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Physical Training Gives Warriors a Fighting Chance for Recovery

SACRAMENTO, Calif., June 20, 2016 /PRNewswire-USNewswire/ -- For William "Bill" Higgins, the prospect of a long recovery from surgery has him singularly focused on staying healthy and active for as long as he can. The wounded Marine Corps veteran has been attending a physical training program hosted by Wounded Warrior Project® (WWP) for months now. With only two weeks remaining in the program, and only one more month before his hip replacement surgery, he knows the pressure is on to finish strong and give it everything he has.

"I wanted to get myself physically ready and pre-rehabilitate for this procedure," Bill explained. "I was strongly advised that before I get the surgery I should build up extra muscle strength to help with recovery. Wounded Warrior Project and its staff got me connected with this program when I needed it most, because once I get that procedure done, I will be recovering for a good stretch."

Bill was injured during a training accident over a decade ago. He suffered a hard landing from a helicopter, injuring his left leg and lower back. It slowed him considerably, but his determination and desire to keep moving eventually connected him with WWP.

"They contacted me in May 2015 about a series of nutrition classes that helped me get my nutrition where it needed to be, and as a result I lost 46 pounds in 15 months," Bill said.

Together with other wounded service members, Bill is participating in a weekly fitness routine that includes intense physical training and nutrition coaching. As part of its commitment to heal warriors in various stages of recovery, WWP works with gym staff to ensure fitness and meal plans are adapted to the unique needs of each participant.

"If I could describe the whole workout in one word, it would be 'tailored,'" Bill said. "All the men and women in attendance had different injuries – back, arms, legs, you name it. Every step of the way, the trainers were there making sure that we were improving our areas of weakness, helping us to get better. It was user-friendly, and it was not just some cookie-cutter class where we all have to adjust. They adjusted to our needs, and it made a huge difference on how we viewed successes and outcomes."

Bill participated in the training alongside U.S. Army veteran Michael Truong, who was wounded in combat in 2006. What he experienced while recovering from his original wartime injury in Iraq has motivated him to stay in shape and healthy. Recovery was a difficult time for Michael that carried a lot of uncertainty about his future. He still vividly recalls his time in the medical center.

"After first being wounded, I was in the hospital for two months," said Michael. "I wasn't able to walk or even sit up in bed. I've never felt that helpless before and was nowhere near a positive place mentally. When I was injured the second time, I had that glimmer of worry that I might go back to where I was, in the hospital bed. I knew I couldn't let this injury stop me from attending this fitness class, so I clenched my teeth and kept going."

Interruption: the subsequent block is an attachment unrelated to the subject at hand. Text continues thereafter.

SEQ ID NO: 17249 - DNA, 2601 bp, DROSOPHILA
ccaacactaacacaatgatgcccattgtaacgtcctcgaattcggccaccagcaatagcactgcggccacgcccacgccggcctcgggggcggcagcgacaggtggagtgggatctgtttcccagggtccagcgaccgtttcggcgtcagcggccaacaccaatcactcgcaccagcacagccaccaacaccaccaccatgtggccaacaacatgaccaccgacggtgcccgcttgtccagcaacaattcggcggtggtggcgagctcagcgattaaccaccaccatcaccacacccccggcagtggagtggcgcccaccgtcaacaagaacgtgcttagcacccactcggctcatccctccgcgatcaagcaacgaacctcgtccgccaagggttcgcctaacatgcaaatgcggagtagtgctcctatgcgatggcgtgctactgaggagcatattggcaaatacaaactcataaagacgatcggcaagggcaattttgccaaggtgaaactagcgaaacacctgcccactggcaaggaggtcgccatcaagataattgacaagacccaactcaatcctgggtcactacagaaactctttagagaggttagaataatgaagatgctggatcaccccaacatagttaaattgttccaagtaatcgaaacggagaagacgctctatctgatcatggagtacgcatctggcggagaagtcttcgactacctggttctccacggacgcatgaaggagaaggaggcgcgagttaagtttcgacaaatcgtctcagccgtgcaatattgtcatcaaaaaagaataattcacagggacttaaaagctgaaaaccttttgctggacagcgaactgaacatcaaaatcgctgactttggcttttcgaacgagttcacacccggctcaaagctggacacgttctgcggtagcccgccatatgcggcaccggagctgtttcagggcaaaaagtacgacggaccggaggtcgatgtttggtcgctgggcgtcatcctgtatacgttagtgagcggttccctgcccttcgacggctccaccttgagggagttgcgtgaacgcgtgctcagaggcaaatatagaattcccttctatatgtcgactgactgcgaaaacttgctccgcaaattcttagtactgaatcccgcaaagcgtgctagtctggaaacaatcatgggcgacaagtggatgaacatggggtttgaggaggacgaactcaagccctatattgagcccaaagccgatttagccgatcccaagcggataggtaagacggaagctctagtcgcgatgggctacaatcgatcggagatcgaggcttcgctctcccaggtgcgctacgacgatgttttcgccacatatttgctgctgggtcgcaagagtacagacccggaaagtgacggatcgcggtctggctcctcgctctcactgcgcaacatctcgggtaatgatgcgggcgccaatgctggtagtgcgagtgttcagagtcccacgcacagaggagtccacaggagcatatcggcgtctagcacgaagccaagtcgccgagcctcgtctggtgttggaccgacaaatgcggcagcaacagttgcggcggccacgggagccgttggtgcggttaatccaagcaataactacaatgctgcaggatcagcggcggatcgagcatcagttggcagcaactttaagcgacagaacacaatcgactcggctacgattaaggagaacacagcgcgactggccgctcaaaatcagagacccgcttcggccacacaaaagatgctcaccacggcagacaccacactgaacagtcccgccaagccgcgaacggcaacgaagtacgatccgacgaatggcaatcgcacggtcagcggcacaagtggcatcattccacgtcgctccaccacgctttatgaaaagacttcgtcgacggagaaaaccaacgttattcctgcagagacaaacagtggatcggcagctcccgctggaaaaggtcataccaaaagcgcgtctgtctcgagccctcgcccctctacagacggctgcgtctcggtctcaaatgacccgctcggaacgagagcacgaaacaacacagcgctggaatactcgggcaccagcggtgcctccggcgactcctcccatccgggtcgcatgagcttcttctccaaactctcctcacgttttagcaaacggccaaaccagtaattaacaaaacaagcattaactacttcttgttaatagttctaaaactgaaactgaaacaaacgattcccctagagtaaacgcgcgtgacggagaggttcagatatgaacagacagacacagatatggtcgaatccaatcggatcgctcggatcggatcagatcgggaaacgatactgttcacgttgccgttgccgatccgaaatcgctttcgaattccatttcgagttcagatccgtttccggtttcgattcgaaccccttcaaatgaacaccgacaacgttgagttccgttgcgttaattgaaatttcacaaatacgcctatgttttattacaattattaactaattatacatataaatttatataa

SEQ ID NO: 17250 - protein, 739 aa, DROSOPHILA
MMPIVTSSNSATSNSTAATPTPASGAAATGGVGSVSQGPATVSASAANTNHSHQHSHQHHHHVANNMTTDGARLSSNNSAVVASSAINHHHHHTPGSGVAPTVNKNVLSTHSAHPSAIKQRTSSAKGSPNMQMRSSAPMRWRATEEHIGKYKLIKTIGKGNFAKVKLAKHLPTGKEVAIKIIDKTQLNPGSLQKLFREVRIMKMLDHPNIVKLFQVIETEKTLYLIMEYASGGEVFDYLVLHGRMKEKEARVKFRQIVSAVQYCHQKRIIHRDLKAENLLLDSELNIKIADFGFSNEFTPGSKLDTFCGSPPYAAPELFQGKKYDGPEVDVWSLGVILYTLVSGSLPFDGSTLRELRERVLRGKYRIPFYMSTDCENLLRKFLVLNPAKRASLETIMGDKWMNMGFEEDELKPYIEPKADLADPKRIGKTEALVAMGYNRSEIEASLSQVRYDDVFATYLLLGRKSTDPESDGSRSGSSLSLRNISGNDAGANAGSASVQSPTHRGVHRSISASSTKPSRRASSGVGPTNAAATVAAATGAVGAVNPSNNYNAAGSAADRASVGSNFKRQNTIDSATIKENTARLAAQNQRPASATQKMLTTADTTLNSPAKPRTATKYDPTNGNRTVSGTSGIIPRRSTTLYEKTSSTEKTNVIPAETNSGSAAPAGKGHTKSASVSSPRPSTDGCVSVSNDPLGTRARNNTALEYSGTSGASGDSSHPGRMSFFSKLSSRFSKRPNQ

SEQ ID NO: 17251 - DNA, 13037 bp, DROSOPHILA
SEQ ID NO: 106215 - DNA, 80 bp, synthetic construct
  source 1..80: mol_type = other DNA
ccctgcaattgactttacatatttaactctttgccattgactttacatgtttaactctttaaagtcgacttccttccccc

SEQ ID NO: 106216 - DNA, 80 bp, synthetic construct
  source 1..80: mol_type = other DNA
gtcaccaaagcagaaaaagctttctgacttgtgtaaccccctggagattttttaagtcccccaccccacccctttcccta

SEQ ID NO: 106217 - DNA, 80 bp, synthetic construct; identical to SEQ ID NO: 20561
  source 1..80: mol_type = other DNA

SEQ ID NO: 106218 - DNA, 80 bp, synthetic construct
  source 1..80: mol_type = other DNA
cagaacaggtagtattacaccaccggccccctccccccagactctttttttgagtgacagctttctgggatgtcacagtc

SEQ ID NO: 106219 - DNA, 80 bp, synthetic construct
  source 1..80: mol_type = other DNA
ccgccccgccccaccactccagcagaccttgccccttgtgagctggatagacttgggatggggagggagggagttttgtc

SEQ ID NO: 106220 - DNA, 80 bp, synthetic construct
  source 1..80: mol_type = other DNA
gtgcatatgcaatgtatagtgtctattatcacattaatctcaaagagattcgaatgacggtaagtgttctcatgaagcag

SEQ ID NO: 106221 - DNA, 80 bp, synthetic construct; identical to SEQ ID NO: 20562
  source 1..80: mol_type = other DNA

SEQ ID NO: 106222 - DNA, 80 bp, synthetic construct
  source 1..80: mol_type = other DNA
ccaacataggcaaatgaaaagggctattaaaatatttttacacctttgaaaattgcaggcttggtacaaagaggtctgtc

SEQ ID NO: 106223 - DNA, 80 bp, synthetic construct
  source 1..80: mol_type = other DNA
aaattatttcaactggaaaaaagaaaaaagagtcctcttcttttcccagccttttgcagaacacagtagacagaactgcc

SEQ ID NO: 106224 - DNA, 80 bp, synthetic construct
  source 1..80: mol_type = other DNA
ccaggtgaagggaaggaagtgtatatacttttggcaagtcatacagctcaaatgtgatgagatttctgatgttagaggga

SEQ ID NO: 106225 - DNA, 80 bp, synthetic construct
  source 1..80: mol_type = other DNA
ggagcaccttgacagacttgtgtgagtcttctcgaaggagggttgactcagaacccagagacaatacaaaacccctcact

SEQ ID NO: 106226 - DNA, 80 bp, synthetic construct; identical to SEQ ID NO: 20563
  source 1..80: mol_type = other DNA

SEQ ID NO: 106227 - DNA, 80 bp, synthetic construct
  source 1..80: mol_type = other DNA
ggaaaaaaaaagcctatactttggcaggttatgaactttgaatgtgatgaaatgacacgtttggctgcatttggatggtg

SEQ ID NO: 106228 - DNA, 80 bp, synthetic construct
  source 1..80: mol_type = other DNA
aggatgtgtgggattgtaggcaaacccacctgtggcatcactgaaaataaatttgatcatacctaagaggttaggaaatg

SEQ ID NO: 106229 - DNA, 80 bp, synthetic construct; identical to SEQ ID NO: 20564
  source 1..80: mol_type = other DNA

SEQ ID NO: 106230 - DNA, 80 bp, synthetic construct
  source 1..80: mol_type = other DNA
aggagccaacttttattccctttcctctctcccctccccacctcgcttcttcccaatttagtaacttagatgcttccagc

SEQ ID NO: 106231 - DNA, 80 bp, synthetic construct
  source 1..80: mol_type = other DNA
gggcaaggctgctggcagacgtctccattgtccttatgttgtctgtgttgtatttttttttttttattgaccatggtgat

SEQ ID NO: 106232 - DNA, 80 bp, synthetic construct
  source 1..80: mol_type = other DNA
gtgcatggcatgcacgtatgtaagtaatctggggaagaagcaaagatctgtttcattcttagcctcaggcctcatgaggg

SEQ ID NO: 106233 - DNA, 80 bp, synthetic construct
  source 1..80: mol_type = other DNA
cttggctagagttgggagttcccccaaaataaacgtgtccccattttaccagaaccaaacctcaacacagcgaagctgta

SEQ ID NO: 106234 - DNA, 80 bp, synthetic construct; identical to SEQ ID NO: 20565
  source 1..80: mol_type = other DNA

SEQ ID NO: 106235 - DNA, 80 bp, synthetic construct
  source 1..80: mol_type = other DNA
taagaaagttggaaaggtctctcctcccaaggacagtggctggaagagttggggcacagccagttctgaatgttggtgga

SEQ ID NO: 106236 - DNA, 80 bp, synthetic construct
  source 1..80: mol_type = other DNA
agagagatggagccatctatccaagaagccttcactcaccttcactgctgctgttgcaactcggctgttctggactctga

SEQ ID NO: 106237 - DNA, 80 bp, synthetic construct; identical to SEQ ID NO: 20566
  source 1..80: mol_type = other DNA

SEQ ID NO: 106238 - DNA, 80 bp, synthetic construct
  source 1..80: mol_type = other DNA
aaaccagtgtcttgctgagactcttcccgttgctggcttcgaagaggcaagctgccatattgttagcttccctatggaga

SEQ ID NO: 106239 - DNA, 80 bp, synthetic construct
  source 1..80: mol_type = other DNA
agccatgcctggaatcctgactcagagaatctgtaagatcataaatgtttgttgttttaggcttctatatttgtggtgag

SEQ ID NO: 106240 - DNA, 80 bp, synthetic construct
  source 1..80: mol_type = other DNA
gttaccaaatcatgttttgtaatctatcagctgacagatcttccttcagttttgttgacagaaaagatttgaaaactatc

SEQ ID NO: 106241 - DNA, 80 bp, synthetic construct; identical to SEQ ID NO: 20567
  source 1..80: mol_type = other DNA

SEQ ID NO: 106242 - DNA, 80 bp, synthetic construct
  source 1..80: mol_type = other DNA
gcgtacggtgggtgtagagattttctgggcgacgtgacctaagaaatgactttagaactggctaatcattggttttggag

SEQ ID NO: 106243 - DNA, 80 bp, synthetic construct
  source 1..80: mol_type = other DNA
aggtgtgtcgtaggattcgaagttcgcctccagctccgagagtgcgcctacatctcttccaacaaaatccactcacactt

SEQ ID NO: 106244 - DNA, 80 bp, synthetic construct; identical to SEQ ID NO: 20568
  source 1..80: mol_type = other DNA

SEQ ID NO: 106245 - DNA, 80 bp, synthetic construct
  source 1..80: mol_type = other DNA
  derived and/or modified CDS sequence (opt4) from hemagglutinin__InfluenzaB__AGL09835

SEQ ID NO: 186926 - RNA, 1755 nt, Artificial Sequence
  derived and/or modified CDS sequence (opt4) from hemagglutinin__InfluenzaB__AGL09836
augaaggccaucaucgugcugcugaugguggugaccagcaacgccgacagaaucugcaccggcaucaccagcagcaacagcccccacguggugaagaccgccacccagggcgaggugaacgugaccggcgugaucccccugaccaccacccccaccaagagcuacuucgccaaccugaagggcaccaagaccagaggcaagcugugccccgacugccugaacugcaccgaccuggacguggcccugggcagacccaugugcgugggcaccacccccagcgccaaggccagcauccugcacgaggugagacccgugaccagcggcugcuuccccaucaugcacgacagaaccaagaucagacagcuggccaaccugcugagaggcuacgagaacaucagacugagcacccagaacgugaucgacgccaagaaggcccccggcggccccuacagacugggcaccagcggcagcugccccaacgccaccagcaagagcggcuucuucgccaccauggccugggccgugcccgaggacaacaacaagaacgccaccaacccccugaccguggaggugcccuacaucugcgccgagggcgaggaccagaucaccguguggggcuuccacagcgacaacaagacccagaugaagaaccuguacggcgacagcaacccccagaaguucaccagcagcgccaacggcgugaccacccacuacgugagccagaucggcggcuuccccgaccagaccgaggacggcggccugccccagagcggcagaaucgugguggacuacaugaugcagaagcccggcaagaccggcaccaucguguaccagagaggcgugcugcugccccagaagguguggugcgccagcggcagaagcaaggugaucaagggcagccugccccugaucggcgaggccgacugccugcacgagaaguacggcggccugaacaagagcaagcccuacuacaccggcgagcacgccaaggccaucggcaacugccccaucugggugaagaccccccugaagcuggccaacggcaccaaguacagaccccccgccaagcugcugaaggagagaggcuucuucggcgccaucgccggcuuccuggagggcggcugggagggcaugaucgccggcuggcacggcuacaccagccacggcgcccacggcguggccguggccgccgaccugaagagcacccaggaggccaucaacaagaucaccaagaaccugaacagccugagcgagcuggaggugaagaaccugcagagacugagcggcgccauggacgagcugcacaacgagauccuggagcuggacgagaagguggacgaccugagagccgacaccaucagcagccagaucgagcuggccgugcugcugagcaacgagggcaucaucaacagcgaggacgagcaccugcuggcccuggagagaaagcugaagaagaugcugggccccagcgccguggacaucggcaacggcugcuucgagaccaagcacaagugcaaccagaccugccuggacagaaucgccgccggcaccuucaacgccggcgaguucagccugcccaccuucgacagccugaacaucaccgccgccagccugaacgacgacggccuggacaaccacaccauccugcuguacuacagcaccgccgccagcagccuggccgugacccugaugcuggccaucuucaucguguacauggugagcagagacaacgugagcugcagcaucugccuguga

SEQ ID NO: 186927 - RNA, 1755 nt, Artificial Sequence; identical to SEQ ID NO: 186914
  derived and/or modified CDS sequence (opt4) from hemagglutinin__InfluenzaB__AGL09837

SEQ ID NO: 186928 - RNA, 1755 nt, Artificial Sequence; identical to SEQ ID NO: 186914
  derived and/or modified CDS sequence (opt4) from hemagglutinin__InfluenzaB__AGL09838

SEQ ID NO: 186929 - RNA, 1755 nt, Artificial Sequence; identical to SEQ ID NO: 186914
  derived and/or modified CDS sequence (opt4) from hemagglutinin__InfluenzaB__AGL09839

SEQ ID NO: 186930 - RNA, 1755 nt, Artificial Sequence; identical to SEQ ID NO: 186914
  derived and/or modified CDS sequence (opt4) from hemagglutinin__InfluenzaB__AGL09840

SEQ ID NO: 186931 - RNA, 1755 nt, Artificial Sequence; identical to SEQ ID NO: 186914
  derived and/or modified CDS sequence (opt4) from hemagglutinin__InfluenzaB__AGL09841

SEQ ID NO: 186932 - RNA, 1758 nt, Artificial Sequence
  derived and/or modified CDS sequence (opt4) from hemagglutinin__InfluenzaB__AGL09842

Michael has made progress since he began training three months ago. However, the injury he is overcoming now is not the one that initially connected him with WWP.

The energy you give off can rub off on other people, and I don't want others feeling the negative mojo. I just want to deal with it. That's why I am here, right now, pushing through it and staying active."

Every single day, wounded veterans face similar challenges when returning to civilian life after military service – the visible and invisible wounds take their toll on even the toughest members of the armed forces. WWP meets warriors in various stages of recovery and provides health and fitness services that include weight training, yoga, cycling, outdoor activities, and nutrition workshops. Along with the benefits of living active lifestyles, warriors have the chance to bond with other wounded veterans and families to discover they're not alone in their recovery. To learn more, please visit https://goo.gl/DmKT9n.

About Wounded Warrior Project
The mission of Wounded Warrior Project® (WWP) is to honor and empower Wounded Warriors. WWP's purpose is to raise awareness and to enlist the public's aid for the needs of injured service members, to help injured servicemen and women aid and assist each other, and to provide unique, direct programs and services to meet their needs. WWP is a national, nonpartisan organization headquartered in Jacksonville, Florida. To get involved and learn more, visit woundedwarriorproject.org.

 

SOURCE Wounded Warrior Project

For further information: Mattison Brooks, Email: mbrooks@woundedwarriorproject.org, Phone: 904-451-5590